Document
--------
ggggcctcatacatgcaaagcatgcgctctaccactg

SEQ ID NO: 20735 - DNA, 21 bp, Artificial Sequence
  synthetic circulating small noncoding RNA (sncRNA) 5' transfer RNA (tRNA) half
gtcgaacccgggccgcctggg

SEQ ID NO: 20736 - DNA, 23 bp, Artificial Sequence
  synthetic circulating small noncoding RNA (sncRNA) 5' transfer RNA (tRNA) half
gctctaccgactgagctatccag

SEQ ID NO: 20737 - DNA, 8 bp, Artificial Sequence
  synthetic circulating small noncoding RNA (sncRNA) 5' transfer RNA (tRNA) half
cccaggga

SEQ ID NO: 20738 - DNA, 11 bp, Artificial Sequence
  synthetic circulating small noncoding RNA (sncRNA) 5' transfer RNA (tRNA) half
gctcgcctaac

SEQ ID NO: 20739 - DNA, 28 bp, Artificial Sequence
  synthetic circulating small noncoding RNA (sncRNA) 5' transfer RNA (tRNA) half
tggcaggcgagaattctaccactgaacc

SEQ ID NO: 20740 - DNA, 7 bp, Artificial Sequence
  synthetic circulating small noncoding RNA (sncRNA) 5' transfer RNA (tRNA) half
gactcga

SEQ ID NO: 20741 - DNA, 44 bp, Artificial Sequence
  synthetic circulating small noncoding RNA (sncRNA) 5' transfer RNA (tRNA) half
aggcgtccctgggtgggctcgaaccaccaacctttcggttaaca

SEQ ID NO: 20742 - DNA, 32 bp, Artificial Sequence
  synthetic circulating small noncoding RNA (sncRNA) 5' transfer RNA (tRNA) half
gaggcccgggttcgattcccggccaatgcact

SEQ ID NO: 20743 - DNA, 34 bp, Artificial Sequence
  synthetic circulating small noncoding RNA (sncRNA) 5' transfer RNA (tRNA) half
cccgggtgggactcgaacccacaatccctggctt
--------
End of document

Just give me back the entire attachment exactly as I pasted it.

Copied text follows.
ggggcctcatacatgcaaagcatgcgctctaccactg

SEQ ID NO: 20735 - DNA, 21 bp, Artificial Sequence
  synthetic circulating small noncoding RNA (sncRNA) 5' transfer RNA (tRNA) half
gtcgaacccgggccgcctggg

SEQ ID NO: 20736 - DNA, 23 bp, Artificial Sequence
  synthetic circulating small noncoding RNA (sncRNA) 5' transfer RNA (tRNA) half
gctctaccgactgagctatccag

SEQ ID NO: 20737 - DNA, 8 bp, Artificial Sequence
  synthetic circulating small noncoding RNA (sncRNA) 5' transfer RNA (tRNA) half
cccaggga

SEQ ID NO: 20738 - DNA, 11 bp, Artificial Sequence
  synthetic circulating small noncoding RNA (sncRNA) 5' transfer RNA (tRNA) half
gctcgcctaac

SEQ ID NO: 20739 - DNA, 28 bp, Artificial Sequence
  synthetic circulating small noncoding RNA (sncRNA) 5' transfer RNA (tRNA) half
tggcaggcgagaattctaccactgaacc

SEQ ID NO: 20740 - DNA, 7 bp, Artificial Sequence
  synthetic circulating small noncoding RNA (sncRNA) 5' transfer RNA (tRNA) half
gactcga

SEQ ID NO: 20741 - DNA, 44 bp, Artificial Sequence
  synthetic circulating small noncoding RNA (sncRNA) 5' transfer RNA (tRNA) half
aggcgtccctgggtgggctcgaaccaccaacctttcggttaaca

SEQ ID NO: 20742 - DNA, 32 bp, Artificial Sequence
  synthetic circulating small noncoding RNA (sncRNA) 5' transfer RNA (tRNA) half
gaggcccgggttcgattcccggccaatgcact

SEQ ID NO: 20743 - DNA, 34 bp, Artificial Sequence
  synthetic circulating small noncoding RNA (sncRNA) 5' transfer RNA (tRNA) half
cccgggtgggactcgaacccacaatccctggctt